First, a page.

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Answering the unanswerable

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Recently I walked down Memory Lane when I preached a Homecoming Service in a church located in the northern reaches of Kentucky’s bluegrass, just minutes north of the Ark Encounter.  I had been called to pastor this church fresh out of Divinity School at the not so ripe age of twenty-five.  Now, I am living on borrowed time, having used up my three score and ten; and, most everyone who remembered Joanna and me are also living on borrowed time.  One of these members is an octogenarian who suffered an indescribable loss right after I left that church for Atlanta.  His teenage son was killed in a tractor accident and I was called back to Kentucky to speak at a graveside service.  That loss not only sent shock waves through his family and my former church, but through my wife Joanna and me.  Only months prior to the accident Russell, his wife, daughter and son had visited us in Atlanta where we had a jolly good time climbing up Stone Mountain and panning for gold in Dahlonega.  The question I faced forty years ago is one that rises its head quite often when an unforeseen tragedy strikes, like the nine of eleven family members who died when a duck boat sank in Missouri:  It is a Why, What, Who, and most importantly How Question that must be answered even if it is unanswerable.

How do we “ANSWER THE UNANSWERABLE” questions of life amidst the context of faith and grief?  What does a young minister (as I once was) or an old minister (as I am now) say when standing in a cemetery by an open grave?

First and foremost, I must confess my utter inability to offer anything approaching an answer that can satisfy a broken heart and bruised mind!  It is comforting for me to realize that even the brightest and best pastors, theologians, and writers have humbly thrown up their hands and said in effect:  “We cannot begin to answer what is unanswerable for our finite minds cannot probe the mysteries of life that stretch beyond death into eternity!”  We just don’t have that eternal perspective, and how can we expect God to fit what He sees and knows into our limited range of understanding.  This was a lesson taught to Job by God.

Second, I must express my heartfelt and mind-boggling thankfulness that God is with us in the midst of such agony even if we don’t sense his presence.  Job was not aware of God’s presence until God revealed Himself to have heard every word Job and his “friends” had uttered!  Even though Jesus cried out on the cross, quoting Psalm 22:1, “My God, My God, why have you forsaken Me?” he voiced what he felt as the Son of Man before He later prayed to His ever present Father:  “Into Thy hands I commend My Spirit.”   Back there in Kentucky, as I stood by the open grave of sixteen year old Keith, I was so thankful to know that the young man I had baptized was now with God having walked with him through the Valley of the Shadow of Death.  I was also thankful to know that God was also standing with us in that cemetery right next to his family and would be walking with them through the Valley of the Shadow of Grief.  The more I have served as a pastor the more thankful I am for God Who has come not only to live among us, suffer with us, and die for us, but to live in us through the presence and power of the Holy Spirit.  His love for us reaches into our heart, soul, mind and body where He, Lord of Lords, takes up residence so we never need to feel alone or isolated.  He is not just Immanuel, “God with us,” but also “God within us” as the Apostle Paul said in Gal. 2:20:  “Christ lives in me!”  Hallelujah!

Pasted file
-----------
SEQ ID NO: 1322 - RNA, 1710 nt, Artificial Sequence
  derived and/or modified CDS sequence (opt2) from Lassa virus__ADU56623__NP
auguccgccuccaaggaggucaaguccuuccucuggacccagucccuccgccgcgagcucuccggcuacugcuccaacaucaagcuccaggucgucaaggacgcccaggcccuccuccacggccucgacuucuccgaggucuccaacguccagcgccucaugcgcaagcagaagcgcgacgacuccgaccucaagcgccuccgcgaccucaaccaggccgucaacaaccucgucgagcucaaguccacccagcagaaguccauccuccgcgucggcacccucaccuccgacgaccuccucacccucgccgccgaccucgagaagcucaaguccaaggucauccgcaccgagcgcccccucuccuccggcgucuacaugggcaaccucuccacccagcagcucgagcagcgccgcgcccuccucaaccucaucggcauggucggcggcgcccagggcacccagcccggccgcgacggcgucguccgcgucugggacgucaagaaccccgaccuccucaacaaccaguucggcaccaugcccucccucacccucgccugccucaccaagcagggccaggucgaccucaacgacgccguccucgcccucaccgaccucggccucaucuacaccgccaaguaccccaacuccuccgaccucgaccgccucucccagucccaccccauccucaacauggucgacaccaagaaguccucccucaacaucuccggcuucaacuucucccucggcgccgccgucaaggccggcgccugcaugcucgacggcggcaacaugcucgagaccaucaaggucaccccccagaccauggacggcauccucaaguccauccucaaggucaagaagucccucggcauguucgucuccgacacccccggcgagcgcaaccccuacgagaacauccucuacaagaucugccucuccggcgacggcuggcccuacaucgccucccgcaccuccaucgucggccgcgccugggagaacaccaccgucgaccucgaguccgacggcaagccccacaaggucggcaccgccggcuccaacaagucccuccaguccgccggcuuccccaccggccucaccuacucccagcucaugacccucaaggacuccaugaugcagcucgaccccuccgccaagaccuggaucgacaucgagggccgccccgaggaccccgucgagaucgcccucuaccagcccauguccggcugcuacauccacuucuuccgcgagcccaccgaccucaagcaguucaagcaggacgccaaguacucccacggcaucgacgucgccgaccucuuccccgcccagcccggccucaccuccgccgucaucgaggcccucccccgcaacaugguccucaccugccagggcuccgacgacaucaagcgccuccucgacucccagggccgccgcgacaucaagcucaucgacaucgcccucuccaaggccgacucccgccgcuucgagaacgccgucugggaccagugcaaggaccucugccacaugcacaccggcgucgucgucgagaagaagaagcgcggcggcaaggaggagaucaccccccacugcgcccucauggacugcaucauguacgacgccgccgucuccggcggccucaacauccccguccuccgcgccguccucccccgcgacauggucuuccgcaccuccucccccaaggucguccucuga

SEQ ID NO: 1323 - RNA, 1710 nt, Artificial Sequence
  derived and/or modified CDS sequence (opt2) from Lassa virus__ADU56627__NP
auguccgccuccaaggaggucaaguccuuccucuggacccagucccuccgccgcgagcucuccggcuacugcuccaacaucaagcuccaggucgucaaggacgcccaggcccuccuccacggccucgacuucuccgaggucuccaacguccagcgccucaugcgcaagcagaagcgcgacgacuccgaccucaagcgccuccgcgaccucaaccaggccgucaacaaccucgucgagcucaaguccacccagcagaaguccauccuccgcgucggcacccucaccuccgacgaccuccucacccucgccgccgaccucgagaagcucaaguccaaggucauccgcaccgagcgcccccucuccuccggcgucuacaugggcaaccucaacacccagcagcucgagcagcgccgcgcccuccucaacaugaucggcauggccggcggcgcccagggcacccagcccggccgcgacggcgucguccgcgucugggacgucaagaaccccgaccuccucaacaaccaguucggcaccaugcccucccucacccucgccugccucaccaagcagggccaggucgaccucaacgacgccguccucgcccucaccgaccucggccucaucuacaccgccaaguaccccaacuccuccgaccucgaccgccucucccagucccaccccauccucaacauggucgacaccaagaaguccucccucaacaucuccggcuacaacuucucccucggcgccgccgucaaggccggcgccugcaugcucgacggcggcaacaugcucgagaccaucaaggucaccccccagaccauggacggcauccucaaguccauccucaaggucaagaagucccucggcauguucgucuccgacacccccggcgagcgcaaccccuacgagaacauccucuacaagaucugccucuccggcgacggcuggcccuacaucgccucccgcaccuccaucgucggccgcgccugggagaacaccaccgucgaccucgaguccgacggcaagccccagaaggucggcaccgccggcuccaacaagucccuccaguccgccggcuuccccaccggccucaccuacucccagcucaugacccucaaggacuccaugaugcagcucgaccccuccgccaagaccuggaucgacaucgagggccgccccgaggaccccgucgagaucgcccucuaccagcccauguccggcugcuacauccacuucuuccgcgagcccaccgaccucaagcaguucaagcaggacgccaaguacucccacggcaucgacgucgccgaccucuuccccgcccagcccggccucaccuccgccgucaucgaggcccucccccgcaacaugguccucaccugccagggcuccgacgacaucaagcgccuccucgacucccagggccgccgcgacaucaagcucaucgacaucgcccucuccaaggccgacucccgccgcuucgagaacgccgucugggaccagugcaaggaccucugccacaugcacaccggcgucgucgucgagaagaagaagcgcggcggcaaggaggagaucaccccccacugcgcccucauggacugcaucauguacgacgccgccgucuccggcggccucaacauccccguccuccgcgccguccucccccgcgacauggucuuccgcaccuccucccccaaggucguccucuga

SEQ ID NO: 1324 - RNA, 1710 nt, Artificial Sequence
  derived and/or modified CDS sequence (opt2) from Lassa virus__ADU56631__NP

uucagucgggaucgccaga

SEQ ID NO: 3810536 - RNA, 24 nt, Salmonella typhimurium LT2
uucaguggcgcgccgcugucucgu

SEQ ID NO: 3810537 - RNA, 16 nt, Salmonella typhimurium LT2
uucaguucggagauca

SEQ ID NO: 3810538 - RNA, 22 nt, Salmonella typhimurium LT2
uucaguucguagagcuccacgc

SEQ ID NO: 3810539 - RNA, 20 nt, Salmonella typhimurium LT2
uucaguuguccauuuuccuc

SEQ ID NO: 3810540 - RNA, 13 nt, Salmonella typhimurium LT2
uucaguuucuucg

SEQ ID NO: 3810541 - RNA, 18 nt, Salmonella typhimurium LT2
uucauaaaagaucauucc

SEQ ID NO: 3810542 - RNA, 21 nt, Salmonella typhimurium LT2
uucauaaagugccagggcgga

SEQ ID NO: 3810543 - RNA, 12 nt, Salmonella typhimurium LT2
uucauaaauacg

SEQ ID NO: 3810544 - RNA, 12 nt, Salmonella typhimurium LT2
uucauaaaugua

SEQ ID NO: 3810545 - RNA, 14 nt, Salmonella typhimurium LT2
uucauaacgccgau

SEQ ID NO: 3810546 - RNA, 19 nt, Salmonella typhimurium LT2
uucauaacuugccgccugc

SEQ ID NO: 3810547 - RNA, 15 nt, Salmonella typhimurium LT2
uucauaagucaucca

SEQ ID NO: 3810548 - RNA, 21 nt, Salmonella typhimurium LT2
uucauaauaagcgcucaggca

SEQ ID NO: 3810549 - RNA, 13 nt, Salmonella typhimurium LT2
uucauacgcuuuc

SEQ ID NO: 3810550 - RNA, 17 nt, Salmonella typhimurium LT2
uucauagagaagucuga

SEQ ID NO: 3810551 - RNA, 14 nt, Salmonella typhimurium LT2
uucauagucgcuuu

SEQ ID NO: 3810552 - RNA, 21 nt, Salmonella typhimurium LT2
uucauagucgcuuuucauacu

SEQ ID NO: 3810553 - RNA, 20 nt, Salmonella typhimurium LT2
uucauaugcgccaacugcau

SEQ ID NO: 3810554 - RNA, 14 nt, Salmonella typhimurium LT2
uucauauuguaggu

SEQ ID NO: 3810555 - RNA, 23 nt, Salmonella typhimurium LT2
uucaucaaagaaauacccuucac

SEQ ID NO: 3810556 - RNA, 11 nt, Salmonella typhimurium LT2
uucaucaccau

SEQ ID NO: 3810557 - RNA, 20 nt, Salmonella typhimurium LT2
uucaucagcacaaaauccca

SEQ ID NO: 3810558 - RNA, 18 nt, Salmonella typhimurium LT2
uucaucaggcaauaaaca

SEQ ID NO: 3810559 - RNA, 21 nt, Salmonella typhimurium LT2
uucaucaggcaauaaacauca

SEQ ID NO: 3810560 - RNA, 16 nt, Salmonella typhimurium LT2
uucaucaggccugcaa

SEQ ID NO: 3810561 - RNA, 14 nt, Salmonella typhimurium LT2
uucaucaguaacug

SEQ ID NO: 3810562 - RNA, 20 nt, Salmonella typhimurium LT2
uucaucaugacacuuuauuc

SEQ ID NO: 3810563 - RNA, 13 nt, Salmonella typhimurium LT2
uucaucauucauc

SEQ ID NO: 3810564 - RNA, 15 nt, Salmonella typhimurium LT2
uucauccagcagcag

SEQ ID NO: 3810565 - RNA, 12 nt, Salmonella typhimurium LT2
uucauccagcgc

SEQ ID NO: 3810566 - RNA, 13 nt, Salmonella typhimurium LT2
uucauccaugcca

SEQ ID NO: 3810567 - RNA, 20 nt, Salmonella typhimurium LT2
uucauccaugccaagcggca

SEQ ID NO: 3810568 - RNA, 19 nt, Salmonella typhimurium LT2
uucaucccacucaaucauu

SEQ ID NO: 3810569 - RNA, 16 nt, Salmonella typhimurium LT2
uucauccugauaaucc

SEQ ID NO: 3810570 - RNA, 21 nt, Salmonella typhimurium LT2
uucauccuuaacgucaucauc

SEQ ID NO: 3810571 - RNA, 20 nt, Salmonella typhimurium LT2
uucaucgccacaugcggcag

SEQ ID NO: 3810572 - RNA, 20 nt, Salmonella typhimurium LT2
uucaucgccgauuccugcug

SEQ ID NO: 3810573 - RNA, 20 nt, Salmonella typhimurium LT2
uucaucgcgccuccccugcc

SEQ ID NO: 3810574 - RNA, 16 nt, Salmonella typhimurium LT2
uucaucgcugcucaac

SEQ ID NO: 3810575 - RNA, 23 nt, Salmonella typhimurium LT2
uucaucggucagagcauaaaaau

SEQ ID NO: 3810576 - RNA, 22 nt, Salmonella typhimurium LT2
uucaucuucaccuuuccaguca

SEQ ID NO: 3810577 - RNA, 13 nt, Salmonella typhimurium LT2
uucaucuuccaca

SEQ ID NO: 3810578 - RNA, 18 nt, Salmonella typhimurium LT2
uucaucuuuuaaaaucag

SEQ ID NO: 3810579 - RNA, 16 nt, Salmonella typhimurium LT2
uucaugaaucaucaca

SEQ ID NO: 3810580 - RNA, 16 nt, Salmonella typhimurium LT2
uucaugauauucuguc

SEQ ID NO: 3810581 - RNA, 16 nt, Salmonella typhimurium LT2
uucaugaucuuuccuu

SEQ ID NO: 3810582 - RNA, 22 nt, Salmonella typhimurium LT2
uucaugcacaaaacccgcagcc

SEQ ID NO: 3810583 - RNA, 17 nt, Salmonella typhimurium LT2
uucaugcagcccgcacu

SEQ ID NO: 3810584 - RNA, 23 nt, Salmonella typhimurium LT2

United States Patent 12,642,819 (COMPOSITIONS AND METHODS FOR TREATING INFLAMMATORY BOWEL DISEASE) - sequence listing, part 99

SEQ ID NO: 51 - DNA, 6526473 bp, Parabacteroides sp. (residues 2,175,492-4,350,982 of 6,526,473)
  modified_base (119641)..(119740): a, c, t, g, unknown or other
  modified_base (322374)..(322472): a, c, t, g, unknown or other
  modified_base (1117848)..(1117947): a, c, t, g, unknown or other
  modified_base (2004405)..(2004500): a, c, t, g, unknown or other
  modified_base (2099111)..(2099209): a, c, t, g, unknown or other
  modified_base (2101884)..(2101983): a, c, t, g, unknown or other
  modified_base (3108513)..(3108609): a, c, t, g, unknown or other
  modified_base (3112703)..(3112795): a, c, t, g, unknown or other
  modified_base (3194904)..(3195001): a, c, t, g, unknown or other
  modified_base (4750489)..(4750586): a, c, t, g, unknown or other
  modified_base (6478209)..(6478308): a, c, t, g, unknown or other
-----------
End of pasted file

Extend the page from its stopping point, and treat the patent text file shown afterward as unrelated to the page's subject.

Third, I must bear witness to our faith that God has become a part of us so that He can save and change our lives, turn us inside out and rightside up, and orient us toward a future and an “eternal weight of glory” that is beyond our wildest imagination or any kind of man-made utopia, paradise or Shangri-La.  No matter how many years we live on earth, no matter how much we acquire or achieve, we shall never be satisfied and fulfilled until that day we experience a great and grand reunion with our loved ones (like Keith) who will welcome us into God’s Kingdom and eventually His New Heaven and New Earth!  Most every pastor has to think about death far more than most people, certainly far more than most irreligious folk.  For example, I love to ask secularists, humanists and atheists how much time they have spent in a cemetery.  How much time have they spent thinking about death and what happens afterward, and what they can say to those who are grieving or facing imminent death.  This is the Life and Death issue.  It is one that the Christian can answer with assurance.

One of my favorite stories about the death of a little boy dying ever so young was told by Peter Marshall who died before he reached his three score and ten.  He tells how a mother noticed that her little boy was ever so quiet one night.  She asked him if anything was wrong.  He replied:  “Mother, what is it like to die?  Does it hurt?”  What could she say?  What would we say?  She prayed for help, and then seemingly out of the blue she knew what to say:

Son, do you remember how you used to play so hard all day that when night came you sometimes fell asleep on the couch.  This was not your bed.  It was not where you belonged, but you stayed there for a little while.  When you woke up in the morning you would be in your own bed in your own room.  You were there because someone had loved you and taken care of you.  Your father had carried you into your own room.  Death is like that, son.  We just wake up one morning and find ourselves in the other room, in our room where we really belong, because our Father in Heaven loves us so.

That answer satisfied that little boy. It satisfies me, too.

Answering the Unanswerable, Paul Baxter

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